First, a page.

Mary Poppins Returns
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Rossellini honors both sides of the era's metaphysical split
The biopic covers the life of the 17th-century French religious philosopher/mathematician/physicist Blaise Pascal.
Directed by Roberto Rossellini, "Blaise Pascal" starts in 1639 as Etienne Pascal(Giuseppe Addobbati) is appointed to govern Normandy by the king, in the wake of a civil war, to keep order and collect taxes. After he fires an assistant for being corrupt, he turns to his 17-year old son Blaise(Pierre Arditi) for help with the accounts. Not only can the young man do figures in his head, but he also completes a difficult geometry proof that brings him great renown. That is only the beginning as Blaise also invents an adding machine.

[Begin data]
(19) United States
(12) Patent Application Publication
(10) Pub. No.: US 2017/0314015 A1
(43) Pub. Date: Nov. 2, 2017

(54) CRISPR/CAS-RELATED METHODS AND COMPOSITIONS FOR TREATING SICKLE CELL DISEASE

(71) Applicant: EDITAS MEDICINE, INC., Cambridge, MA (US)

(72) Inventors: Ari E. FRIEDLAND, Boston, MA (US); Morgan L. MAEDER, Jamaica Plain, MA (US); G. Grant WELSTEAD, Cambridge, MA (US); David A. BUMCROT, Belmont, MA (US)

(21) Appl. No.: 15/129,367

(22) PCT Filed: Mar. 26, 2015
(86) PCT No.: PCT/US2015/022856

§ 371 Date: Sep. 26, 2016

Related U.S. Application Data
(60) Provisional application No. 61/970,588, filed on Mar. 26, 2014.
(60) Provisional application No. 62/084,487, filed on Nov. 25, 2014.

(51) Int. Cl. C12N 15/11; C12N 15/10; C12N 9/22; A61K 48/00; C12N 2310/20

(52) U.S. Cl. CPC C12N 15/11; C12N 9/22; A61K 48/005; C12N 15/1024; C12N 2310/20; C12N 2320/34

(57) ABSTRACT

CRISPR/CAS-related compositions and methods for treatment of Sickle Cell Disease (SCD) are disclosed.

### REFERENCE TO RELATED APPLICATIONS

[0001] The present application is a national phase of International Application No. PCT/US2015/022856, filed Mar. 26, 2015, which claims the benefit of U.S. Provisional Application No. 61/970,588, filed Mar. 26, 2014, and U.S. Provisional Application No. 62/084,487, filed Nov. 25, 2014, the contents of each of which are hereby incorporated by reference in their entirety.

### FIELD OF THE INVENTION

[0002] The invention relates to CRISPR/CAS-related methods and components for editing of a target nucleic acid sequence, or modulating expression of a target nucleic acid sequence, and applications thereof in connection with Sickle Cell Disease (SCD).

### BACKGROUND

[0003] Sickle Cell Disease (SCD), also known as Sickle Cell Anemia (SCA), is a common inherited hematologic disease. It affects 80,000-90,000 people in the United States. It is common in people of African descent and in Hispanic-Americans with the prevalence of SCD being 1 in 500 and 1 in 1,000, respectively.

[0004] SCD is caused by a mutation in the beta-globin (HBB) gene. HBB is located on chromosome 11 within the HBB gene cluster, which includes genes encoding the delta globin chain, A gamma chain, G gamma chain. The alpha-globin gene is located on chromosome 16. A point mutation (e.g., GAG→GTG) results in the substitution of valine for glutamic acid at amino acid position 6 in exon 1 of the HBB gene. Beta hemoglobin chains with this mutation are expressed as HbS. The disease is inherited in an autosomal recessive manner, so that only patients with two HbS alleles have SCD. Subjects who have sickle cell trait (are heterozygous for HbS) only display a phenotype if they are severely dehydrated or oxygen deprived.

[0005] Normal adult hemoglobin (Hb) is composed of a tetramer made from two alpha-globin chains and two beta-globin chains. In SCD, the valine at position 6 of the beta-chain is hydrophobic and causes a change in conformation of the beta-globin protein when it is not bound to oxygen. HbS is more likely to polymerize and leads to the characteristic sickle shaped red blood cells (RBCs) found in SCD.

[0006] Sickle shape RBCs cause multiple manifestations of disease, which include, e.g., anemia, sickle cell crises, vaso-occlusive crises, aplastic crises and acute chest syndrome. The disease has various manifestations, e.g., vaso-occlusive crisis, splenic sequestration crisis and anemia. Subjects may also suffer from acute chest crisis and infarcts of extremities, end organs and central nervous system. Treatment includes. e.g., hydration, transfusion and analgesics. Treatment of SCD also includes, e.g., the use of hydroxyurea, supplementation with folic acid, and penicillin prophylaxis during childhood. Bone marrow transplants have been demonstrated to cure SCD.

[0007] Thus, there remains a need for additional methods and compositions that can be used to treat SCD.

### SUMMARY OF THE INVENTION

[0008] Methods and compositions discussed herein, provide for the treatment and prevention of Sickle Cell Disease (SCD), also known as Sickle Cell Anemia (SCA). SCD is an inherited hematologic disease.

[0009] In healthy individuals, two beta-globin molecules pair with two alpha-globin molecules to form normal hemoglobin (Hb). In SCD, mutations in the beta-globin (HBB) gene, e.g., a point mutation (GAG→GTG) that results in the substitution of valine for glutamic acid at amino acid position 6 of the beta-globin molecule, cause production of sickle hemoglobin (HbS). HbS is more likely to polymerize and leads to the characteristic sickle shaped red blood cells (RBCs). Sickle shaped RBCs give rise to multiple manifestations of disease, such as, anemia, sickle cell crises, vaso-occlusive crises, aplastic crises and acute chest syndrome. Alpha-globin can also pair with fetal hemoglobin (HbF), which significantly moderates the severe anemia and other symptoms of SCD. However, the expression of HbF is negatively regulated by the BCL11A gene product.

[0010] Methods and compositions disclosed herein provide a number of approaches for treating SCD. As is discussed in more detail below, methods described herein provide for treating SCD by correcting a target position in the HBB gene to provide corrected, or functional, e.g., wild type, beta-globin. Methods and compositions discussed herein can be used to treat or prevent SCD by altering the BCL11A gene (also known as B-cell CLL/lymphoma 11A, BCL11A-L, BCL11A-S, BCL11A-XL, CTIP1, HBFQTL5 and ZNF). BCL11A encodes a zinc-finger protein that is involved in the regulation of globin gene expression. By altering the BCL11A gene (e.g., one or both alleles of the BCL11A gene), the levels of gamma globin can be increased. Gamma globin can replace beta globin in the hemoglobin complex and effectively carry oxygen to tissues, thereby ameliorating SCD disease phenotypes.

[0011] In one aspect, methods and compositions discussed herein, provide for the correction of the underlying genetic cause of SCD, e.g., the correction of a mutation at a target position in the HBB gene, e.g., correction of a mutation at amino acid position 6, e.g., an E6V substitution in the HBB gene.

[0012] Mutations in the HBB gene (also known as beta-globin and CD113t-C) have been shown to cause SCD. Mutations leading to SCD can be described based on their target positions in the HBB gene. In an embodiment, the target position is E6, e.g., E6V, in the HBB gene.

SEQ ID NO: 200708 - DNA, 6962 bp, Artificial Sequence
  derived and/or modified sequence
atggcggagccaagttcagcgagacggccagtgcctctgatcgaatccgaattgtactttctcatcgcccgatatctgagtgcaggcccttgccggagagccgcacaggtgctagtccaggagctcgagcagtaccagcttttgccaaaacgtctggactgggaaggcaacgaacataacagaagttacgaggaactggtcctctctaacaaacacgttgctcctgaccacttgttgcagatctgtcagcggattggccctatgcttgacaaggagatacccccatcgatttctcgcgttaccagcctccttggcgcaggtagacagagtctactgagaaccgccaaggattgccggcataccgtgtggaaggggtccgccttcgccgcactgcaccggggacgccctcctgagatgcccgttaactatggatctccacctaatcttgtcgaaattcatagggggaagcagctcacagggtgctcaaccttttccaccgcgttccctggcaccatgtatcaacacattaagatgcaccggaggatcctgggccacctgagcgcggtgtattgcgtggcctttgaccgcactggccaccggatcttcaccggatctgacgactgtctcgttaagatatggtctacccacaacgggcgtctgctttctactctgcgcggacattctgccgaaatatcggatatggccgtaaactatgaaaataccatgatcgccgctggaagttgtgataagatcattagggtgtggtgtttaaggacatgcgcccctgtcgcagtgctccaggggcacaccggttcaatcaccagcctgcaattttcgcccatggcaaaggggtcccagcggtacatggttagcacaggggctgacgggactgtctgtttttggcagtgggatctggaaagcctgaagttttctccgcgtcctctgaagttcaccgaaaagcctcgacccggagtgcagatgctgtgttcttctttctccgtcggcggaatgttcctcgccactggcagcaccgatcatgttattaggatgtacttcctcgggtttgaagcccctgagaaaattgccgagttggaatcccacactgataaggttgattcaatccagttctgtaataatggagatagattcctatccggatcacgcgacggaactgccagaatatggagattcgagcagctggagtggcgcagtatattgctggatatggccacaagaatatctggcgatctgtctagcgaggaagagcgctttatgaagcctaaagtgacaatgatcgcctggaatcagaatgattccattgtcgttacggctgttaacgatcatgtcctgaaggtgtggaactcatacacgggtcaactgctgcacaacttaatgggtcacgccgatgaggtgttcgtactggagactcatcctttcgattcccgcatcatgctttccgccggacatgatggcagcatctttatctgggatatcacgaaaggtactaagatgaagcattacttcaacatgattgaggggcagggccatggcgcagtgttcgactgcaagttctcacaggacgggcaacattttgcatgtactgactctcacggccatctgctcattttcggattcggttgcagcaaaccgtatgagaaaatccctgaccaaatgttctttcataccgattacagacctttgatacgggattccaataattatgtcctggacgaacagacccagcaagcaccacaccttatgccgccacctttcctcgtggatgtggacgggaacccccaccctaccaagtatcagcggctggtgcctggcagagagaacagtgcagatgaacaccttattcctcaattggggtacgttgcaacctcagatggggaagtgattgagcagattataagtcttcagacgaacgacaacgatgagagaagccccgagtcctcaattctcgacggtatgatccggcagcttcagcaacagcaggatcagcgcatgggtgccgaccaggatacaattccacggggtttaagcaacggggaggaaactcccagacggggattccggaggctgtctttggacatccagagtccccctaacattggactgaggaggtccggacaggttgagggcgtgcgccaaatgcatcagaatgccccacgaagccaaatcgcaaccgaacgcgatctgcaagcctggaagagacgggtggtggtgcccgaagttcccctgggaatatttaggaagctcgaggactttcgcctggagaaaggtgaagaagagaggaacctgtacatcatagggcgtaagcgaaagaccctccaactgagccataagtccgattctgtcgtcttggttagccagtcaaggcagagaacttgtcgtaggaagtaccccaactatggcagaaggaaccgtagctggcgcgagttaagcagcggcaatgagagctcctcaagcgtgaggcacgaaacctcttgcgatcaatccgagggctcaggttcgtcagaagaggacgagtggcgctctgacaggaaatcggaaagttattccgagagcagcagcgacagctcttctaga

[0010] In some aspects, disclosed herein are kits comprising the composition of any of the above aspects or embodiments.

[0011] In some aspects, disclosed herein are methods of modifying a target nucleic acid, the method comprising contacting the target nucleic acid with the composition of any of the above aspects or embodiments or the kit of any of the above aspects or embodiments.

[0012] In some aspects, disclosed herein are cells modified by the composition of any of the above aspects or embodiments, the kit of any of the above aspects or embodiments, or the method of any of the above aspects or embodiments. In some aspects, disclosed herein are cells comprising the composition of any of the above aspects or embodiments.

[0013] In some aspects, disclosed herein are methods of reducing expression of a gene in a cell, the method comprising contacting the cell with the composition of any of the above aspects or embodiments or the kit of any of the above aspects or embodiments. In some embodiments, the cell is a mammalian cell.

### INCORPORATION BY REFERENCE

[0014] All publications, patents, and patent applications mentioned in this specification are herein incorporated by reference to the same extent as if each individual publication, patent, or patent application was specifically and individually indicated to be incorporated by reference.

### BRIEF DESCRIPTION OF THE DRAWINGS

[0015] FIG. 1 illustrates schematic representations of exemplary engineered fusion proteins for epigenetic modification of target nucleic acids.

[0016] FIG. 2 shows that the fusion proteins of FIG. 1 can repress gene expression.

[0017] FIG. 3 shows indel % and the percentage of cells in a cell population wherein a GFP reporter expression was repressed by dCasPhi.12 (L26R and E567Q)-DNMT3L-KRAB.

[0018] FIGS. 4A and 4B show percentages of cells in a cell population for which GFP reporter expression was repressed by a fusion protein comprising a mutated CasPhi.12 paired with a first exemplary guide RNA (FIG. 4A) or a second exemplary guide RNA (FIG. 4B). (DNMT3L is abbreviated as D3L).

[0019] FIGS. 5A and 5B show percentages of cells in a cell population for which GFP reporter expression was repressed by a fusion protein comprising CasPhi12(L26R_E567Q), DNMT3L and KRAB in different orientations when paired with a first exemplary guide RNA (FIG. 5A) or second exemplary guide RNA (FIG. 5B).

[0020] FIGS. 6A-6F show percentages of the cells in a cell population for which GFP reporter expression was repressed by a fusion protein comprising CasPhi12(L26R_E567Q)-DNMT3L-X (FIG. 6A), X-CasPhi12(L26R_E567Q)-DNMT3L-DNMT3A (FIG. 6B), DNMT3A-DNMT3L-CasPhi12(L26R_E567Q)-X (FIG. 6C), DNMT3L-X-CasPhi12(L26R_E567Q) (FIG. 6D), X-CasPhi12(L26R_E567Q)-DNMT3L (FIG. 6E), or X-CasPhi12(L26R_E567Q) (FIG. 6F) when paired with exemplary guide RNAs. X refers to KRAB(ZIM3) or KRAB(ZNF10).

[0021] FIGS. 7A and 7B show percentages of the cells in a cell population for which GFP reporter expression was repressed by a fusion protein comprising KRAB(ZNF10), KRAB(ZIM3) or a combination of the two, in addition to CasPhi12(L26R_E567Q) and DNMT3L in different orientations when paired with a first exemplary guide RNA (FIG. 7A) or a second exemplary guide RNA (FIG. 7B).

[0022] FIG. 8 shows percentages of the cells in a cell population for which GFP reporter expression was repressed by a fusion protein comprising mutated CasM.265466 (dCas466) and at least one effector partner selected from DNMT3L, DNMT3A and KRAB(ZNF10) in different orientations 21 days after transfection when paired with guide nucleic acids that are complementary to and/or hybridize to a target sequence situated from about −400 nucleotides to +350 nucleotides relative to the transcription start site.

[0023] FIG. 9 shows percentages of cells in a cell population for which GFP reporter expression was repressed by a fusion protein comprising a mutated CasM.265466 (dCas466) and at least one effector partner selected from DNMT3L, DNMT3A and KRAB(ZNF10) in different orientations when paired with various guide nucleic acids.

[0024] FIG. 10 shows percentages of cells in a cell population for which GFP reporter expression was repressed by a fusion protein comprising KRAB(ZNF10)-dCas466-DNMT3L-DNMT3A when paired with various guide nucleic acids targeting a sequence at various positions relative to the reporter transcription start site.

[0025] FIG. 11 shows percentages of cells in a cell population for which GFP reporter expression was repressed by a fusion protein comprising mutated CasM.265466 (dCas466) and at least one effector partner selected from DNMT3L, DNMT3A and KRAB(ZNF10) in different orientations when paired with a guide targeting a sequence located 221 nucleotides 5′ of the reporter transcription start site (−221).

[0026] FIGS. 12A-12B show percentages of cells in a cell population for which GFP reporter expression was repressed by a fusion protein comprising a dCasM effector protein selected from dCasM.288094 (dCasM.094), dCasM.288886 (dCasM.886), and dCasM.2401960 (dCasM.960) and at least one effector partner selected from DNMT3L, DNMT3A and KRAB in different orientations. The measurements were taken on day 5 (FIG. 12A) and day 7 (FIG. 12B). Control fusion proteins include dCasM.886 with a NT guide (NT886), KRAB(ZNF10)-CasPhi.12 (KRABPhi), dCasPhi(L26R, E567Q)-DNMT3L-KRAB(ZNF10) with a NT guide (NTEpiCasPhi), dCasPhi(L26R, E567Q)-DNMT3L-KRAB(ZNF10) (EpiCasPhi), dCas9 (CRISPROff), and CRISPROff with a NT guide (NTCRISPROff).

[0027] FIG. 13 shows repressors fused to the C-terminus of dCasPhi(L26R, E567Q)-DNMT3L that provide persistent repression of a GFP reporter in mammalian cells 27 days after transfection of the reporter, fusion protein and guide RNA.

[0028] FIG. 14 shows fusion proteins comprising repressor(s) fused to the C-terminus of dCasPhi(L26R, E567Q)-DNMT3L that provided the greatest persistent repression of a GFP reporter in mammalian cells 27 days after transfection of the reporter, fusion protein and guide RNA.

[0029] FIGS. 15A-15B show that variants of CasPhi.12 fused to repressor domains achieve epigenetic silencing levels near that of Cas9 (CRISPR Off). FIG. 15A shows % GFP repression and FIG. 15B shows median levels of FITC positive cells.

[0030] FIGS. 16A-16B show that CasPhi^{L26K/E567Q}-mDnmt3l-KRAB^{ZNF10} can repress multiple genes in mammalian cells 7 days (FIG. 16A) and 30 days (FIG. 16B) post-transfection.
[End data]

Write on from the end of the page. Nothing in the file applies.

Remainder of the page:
While not the most lively of productions, "Blaise Pascal" intelligently recreates history and the everyday life of the 17th century where superstition was the explanation for everything, especially for any ill, blaming such on Satan and his representatives on earth, witches. There were so many such cases that there was a months long backlog.(Of course, being a woman in general at this time meant having absolutely no rights. For example, Blaise's sister Jacqueline(Rita Forzano) has to even get permission to enter a convent and is kept away from any higher learning.) What Blaise Pascal does in his short lifetime is innoculate humanity from such backward thinking with scientific inquiry and observation, allowing humanity to accurately observe the natural world around them and make their lives that much better.
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